May 3, 2013
The Feminine DNA of Enlightened Leadership – Let’s Encourage It!
Mark Lefko hosts a great blog on Linkedin, called “Conscious Leadership Connection”, and he recently started a discussion on Female Leadership Characteristics, and how men can play a role in supporting and elevating female leaders. I would like to share some of the thoughts I posted on Mark’s blog in response to his provocative question:
As a male manager/leader whose natural tendency is to approach the leader-follower dynamic with a predominantly feminine predisposition, I had been somewhat hesitant to jump into this particular discussion…but one of the female discussion participants provided the appropriate cover for me to express what was on my mind, (thank you, Nancy) by discussing her predisposition to lead from the more “masculine” side of things.
So my comments begin from the point of view of a male who entered the ranks of management fresh out of college in 1973, when the Gospel of Management was preached at AMA seminars where we were exhorted to “plan your work, and work your plan”. ‘People’ were nothing more than another consumable raw material to be allocated and used in appropriate quantities. There was no discussion of “collaboration” or “cross-functional teams”, “group dynamics” or “hierarchy of needs”. The words “empowerment” and “engagement” were nowhere to be found in the management lexicon. Our job was “to get things done through other people”, with no expectation other than giving orders and laying out the workplan for others to follow mindlessly. In those days it was not uncommon to actually hear the phrase, “I didn’t hire you to think”.
I came to an early realization of the innovative power of employee engagement when I was instructed to introduce Quality Circles into the food processing plant where I was the QC Manager, in 1975. Even though the Quality Circle effort eventually withered and died because the company was not willing to invest in facilitation or problem-solving training for me or my teams, I was priveleged to experience this epiphany about the incredible creative energy lying latent between the ears of every set of hands on the production floor.
The flood of ideas that gushed forth in the early stages of our QC meetings was astonishing. People were so enthused and energized by actually being asked what they thought, and even more enthused when they saw their ideas being implemented. My role was simply to provide data and whatever resources were at my disposal; they did all the heavy lifting. I didn’t know it at the time but this moment of enlightenment, early in my career, is what eventually fueled the passion that prompted me to begin writing my book in 1995, and has consumed me these last two+ decades.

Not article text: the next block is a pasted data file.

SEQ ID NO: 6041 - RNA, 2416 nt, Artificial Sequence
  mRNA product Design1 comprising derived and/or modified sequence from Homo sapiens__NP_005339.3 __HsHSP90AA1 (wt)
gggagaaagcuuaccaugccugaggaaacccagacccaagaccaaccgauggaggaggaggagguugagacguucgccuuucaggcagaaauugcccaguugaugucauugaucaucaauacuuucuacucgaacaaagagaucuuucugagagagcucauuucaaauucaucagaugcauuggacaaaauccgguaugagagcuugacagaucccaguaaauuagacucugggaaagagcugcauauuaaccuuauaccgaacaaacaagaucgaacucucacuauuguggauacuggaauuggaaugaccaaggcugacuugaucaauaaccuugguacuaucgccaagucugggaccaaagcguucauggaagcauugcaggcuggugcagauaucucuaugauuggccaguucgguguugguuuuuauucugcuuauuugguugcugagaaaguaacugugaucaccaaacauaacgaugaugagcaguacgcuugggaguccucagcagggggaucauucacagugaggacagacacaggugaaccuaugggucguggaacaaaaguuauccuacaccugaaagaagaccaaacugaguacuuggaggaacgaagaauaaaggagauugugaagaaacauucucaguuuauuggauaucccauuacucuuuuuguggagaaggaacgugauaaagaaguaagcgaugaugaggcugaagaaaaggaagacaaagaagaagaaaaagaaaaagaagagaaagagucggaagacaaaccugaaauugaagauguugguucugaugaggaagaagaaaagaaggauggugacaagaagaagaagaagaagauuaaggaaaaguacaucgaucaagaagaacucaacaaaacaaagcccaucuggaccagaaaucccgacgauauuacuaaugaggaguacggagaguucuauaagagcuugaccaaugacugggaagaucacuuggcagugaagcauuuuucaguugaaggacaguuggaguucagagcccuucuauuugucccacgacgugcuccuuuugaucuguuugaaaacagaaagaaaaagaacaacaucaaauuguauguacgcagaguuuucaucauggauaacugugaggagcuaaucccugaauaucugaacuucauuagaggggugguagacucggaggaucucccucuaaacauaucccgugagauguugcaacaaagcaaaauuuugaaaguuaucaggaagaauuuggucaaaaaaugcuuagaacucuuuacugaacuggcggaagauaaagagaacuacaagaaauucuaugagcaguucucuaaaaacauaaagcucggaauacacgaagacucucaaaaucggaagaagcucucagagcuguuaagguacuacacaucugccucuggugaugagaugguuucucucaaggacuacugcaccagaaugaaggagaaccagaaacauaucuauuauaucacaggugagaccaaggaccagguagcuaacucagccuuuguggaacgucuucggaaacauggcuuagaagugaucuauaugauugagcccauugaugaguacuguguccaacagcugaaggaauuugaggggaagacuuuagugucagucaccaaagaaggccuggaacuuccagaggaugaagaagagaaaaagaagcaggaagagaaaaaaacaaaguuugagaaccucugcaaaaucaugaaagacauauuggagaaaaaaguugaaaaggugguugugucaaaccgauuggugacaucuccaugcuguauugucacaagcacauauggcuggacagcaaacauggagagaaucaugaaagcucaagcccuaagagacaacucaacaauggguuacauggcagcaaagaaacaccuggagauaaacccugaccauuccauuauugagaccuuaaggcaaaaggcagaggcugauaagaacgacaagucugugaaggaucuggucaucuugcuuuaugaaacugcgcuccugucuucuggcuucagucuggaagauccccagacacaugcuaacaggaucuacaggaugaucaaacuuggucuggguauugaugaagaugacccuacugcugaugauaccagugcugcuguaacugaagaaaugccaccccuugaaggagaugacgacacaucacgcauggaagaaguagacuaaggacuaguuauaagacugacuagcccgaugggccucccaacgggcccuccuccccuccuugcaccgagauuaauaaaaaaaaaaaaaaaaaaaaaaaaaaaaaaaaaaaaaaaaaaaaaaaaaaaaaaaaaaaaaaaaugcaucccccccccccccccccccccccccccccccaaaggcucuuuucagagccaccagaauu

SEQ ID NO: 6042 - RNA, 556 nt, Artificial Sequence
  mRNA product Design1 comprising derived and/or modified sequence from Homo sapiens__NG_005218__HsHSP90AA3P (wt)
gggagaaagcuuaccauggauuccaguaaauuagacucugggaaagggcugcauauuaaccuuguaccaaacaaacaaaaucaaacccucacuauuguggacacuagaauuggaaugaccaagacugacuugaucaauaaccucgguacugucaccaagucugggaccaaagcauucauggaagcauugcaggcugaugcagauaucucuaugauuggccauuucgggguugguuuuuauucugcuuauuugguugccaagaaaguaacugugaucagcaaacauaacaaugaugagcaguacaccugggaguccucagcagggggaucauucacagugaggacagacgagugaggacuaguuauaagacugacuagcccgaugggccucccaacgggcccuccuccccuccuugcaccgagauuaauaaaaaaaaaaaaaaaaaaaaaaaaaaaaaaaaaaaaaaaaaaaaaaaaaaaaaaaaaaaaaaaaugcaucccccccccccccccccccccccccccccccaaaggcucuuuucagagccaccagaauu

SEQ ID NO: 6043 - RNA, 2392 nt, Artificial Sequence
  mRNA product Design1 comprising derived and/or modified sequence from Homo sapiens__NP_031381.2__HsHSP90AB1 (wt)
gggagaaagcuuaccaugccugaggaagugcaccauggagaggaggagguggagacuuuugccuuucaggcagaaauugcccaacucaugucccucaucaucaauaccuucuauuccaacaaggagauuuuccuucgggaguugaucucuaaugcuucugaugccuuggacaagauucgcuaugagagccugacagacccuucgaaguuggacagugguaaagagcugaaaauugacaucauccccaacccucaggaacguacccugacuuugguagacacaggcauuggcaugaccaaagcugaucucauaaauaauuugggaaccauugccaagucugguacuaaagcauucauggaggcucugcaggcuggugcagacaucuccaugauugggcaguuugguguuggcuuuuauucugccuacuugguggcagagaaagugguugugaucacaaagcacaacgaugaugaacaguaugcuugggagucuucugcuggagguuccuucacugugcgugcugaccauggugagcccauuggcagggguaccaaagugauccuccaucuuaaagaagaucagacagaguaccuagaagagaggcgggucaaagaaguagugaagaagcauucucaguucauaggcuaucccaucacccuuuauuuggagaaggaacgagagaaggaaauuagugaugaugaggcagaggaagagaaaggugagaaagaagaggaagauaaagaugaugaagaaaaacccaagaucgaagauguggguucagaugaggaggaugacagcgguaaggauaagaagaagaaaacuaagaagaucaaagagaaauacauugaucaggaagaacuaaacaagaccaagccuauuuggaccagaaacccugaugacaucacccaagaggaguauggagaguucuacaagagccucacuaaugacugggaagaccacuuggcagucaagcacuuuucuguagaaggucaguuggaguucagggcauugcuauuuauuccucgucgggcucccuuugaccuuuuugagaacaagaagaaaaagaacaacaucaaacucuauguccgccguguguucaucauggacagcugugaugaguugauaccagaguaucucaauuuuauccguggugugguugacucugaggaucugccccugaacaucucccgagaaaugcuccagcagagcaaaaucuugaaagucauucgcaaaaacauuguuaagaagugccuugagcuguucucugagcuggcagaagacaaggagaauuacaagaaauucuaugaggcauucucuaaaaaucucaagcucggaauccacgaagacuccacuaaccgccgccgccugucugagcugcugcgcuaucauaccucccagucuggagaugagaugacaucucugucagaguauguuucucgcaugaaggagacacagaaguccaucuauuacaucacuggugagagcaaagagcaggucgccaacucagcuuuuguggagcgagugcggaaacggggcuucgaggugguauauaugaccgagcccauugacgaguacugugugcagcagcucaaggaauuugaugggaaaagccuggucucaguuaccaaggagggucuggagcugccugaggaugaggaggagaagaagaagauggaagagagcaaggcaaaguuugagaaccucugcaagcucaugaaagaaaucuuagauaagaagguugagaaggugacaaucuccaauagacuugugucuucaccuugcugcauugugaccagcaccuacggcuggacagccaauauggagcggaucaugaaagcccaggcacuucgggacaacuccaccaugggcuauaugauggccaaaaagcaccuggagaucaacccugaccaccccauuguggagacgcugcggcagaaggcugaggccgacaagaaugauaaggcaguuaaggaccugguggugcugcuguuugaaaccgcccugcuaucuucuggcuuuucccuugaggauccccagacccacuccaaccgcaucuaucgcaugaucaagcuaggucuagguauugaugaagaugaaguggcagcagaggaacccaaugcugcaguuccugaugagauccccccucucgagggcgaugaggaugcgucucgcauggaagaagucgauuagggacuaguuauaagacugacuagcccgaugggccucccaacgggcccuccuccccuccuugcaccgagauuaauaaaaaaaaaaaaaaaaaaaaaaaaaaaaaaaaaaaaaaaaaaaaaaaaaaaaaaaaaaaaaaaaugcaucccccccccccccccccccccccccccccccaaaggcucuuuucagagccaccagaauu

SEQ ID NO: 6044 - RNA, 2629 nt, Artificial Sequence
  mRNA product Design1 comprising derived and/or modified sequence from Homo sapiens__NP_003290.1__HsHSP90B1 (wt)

So combining this early enlightenment experience with my natural, inborn tendencies to collaborate, empathize and empower, it was not long before I was labeled a “soft manager” due to my tendency to provide resources, seek consensus, and encourage others to lead when appropriate. Despite achieveing superior results, I often felt like I was not competing on a level playing field with my hard-ass peers who played all the political games and sucked up to the hard-ass Directors and VPs along the way. I guess I felt then like many female manager/leaders feel today…and have been feeling for decades – excluded from the old-boy network!
So, here’s the question: “What could all those male managers have done to support (instead of hinder) me as I attempted to lead in a more conscious and mindful manner?”
1. They could have considered our results objectively, accepted and encouraged my methods, and recognized the teams’ accomplishments.
2. They could have managed me collaboratively, sought my input and reached consensus, instead of pointing to numbers on a page with no discussion of “why”.
3. They could have provided a Vision instead of an MBO.
4. They could have managed (led) me and my departmental peers as a collaborative team instead of pitting us against each other in a “survival of the fittest” competition
5. They could have listened to me when I tried to convey the angst and dread they evoked at the shop floor level, with their authoritative bombast and erratic changes of direction and priority.
6. They could have “listened”…period.
In short, they could have acted like enlightened, mindful leaders instead of autocratic, pompous asses.
So my answer to the question posed above is simply: “Be conscious leaders”: Listen; Collaborate; Empathize; Guide; Mentor; Hold High Expectations…with Compassion; Inspire; Provide firm Direction; Set and Maintain Priorities; Create an Environment where it’s OK to make a mistake as long as you learn from it; Help others engage in achieving the Vision off in the distance. Be inspirational; build relationships…get in touch with your inner female leader!